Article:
LARGO - The biggest dispute among members of the Charter Review Committee is the question of whether there should be a super majority (five of seven votes) to fire the city manager.
And leading the proponents of a super majority is Shirley Craig.
The committee has already decided that a simple majority is all that is required to fire the manager.
Craig has brought up the idea of revisiting the question again and again, at one point, citing the idea of a local daily newspaper that re-thinking is needed on the question.
Craig’s husband is an assistant city manager.
At the committee’s October 5 meeting she pressed hard for her colleagues to change their minds and go for a super majority.
George Feaster, for one, took great umbrage at the idea of revisiting questions that had already been decided.
“If we are saying that on anything that was a close vote we need to go back re-discuss it, I am out of here right now,” he said with some agitation.
Talkative J.B. Butler (lots of noise but very little light) does not think that majority rule, with the review committee itself, should prevail.
“We agreed at the outset,” Chester Rowe chipped in, “that majority votes here would rule.”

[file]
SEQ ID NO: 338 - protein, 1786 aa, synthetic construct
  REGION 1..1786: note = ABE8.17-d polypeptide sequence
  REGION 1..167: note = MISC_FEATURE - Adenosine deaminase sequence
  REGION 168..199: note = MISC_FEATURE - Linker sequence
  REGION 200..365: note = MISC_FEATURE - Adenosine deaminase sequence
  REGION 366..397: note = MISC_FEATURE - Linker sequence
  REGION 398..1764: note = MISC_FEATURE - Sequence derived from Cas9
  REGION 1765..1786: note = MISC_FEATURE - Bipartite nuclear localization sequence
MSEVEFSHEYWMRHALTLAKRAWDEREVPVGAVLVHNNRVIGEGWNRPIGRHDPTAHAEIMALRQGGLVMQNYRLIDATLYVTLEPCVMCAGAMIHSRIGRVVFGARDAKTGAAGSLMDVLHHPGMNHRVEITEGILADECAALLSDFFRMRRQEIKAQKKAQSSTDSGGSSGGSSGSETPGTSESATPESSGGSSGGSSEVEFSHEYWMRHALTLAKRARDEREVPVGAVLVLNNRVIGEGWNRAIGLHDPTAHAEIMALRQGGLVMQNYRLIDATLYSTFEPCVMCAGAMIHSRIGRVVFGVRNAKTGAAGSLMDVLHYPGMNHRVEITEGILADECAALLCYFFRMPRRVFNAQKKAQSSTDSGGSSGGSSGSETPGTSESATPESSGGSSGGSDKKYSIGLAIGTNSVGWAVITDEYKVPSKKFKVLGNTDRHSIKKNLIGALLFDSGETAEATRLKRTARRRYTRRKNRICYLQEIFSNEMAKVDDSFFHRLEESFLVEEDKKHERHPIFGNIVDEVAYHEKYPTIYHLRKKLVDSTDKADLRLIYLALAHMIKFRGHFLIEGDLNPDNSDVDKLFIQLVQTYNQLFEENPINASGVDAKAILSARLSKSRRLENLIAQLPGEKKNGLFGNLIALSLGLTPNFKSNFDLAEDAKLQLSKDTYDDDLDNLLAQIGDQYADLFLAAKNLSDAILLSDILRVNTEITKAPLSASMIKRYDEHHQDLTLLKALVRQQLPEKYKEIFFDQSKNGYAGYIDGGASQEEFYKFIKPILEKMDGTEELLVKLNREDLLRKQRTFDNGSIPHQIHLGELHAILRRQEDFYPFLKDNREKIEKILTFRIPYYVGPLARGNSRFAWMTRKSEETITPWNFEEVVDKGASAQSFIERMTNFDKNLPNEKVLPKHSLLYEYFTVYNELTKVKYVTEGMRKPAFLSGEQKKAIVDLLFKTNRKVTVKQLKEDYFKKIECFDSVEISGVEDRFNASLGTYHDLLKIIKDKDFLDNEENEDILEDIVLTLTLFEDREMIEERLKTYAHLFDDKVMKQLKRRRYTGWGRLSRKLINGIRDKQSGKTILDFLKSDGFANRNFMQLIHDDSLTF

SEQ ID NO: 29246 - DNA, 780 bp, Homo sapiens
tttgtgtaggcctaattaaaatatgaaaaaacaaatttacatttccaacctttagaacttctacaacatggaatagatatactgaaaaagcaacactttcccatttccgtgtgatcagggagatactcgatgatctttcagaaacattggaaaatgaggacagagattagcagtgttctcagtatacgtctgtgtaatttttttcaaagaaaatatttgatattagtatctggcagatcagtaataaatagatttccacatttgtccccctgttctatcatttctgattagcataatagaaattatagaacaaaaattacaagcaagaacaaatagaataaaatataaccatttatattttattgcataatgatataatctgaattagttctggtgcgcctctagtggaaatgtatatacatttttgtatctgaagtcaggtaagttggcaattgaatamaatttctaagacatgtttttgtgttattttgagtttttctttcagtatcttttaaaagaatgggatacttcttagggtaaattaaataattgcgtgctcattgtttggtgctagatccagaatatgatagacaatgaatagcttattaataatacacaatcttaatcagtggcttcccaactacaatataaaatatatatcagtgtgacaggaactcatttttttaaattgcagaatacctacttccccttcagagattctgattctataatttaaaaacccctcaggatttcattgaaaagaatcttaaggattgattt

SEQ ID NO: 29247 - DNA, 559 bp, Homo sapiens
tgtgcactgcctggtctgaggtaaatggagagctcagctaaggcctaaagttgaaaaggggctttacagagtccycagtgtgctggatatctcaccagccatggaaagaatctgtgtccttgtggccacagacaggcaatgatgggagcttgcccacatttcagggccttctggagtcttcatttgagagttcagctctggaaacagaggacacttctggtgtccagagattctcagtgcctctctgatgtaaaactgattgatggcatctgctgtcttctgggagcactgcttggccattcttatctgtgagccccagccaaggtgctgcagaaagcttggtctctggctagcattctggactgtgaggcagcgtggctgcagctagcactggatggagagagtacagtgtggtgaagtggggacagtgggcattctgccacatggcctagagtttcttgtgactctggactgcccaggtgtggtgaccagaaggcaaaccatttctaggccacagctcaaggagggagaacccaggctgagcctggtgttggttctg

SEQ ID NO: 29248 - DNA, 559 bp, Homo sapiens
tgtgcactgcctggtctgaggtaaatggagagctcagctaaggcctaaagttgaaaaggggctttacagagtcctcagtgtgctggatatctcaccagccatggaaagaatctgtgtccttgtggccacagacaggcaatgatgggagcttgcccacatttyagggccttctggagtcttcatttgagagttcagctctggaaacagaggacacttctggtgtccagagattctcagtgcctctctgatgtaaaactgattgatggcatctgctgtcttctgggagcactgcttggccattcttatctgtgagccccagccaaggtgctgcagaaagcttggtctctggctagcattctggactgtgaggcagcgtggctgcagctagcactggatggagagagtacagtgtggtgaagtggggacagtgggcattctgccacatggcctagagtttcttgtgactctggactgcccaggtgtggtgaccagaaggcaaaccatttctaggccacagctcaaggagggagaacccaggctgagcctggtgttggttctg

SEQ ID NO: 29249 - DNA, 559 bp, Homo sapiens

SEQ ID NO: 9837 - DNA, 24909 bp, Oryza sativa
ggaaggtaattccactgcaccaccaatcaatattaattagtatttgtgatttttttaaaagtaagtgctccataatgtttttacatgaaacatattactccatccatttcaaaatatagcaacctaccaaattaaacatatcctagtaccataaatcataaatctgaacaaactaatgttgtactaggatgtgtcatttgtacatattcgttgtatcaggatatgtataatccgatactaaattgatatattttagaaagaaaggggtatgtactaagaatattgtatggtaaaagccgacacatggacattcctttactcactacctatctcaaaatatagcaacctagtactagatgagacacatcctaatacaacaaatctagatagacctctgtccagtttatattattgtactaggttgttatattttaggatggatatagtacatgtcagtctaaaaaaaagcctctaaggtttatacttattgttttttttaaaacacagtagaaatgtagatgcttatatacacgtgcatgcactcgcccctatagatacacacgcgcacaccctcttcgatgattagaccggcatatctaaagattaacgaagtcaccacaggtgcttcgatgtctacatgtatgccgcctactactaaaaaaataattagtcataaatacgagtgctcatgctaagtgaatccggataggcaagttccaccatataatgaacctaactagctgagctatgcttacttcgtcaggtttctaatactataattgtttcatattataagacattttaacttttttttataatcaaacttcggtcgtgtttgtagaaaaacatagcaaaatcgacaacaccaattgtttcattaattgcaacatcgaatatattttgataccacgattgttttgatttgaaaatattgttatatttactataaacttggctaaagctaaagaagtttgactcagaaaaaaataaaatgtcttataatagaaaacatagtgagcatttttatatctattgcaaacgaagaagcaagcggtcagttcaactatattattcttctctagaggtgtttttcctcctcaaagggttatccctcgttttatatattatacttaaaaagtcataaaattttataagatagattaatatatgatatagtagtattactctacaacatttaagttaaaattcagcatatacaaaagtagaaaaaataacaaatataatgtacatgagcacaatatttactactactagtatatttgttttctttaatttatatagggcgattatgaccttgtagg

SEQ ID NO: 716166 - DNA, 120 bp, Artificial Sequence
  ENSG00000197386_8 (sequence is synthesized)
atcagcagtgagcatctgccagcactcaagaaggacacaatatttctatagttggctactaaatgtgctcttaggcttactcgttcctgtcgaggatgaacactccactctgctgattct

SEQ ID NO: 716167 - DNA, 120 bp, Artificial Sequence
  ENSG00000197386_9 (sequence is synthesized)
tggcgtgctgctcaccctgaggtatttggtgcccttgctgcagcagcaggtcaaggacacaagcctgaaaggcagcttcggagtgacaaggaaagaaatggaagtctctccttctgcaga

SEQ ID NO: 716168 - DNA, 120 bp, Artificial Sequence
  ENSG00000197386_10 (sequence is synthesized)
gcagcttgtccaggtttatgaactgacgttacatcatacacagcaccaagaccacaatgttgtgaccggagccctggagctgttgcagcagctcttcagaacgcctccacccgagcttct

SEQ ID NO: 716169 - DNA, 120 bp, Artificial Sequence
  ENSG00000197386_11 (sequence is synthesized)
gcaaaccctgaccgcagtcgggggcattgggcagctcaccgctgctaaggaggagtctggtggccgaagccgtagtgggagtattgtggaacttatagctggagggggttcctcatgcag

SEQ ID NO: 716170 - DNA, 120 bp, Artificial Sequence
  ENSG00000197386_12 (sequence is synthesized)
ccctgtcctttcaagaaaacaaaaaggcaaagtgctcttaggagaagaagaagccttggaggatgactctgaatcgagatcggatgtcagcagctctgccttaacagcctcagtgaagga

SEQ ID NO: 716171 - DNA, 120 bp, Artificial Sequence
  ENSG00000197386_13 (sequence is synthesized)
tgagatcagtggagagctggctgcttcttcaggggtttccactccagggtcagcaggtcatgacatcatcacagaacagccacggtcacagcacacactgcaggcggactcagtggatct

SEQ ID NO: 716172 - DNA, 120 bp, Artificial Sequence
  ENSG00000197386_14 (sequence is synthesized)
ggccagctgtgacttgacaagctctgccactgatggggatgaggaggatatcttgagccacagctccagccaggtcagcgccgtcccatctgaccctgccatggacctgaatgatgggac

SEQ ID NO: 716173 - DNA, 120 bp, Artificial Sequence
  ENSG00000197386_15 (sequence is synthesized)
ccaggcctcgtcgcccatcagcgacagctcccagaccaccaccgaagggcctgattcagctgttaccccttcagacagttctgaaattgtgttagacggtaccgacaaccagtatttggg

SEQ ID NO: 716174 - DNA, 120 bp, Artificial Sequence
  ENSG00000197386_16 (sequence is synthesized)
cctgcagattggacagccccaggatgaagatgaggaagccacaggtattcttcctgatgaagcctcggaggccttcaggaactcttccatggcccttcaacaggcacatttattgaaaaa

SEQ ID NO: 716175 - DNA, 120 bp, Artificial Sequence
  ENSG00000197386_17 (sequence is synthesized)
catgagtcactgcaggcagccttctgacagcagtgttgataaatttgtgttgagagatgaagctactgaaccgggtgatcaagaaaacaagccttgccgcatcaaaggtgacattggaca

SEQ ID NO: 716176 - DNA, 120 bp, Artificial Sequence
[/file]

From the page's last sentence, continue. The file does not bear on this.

“No,” Butler said. “We never agreed on that. We need a consensus.”
Of course, if majority votes are not the rule, the committee has crippled itself, far beyond the crippling effect already felt by the amateurism of such members as Butler.
Craig obviously has a dog in the fight. “As (Steve) Stanton goes, so goes (Mac) Craig,” one observer noted. Mac Craig is an assistant city manager.
Even if Stanton should move on, Craig could presumably be a candidate to succeed him and the simple/super majority rule would affect him.
More likely, Largo will seek a professional city manager should Stanton be fired (as he himself has opined) and not get itself into the same pickle as Clearwater did some years ago, hiring an inexperienced, non-professional.
Shirley Craig issued a memo October 10 to her review committee colleagues in which she said four issues needed further discussion.
She listed term limits, a required referendum to eliminate police and fire departments, and endorsements of political candidates by city fire, police and employees unions.
Listed last, but obviously the main thrust of her memo, was the question of the kind of vote required to fire the city manager.
She wrote in the memo in muddled language that “If the idea of changing the charter, to require a majority as opposed to a super majority, for this important decision is not good enough that a consensus can be reached, then I suggest that the change should not be made.” (Her emphasis.)
Just to make sure her colleagues got the point that this had no resemblance to any present living persons, Craig wrote that “any changes” have “no bearing on present officials or committee members” (whatever that means).
The point is, Craig wants no changes on the vote required to fire the city manager. For those listening closely, the theme song, “Stand by Your Man,” could be heard.
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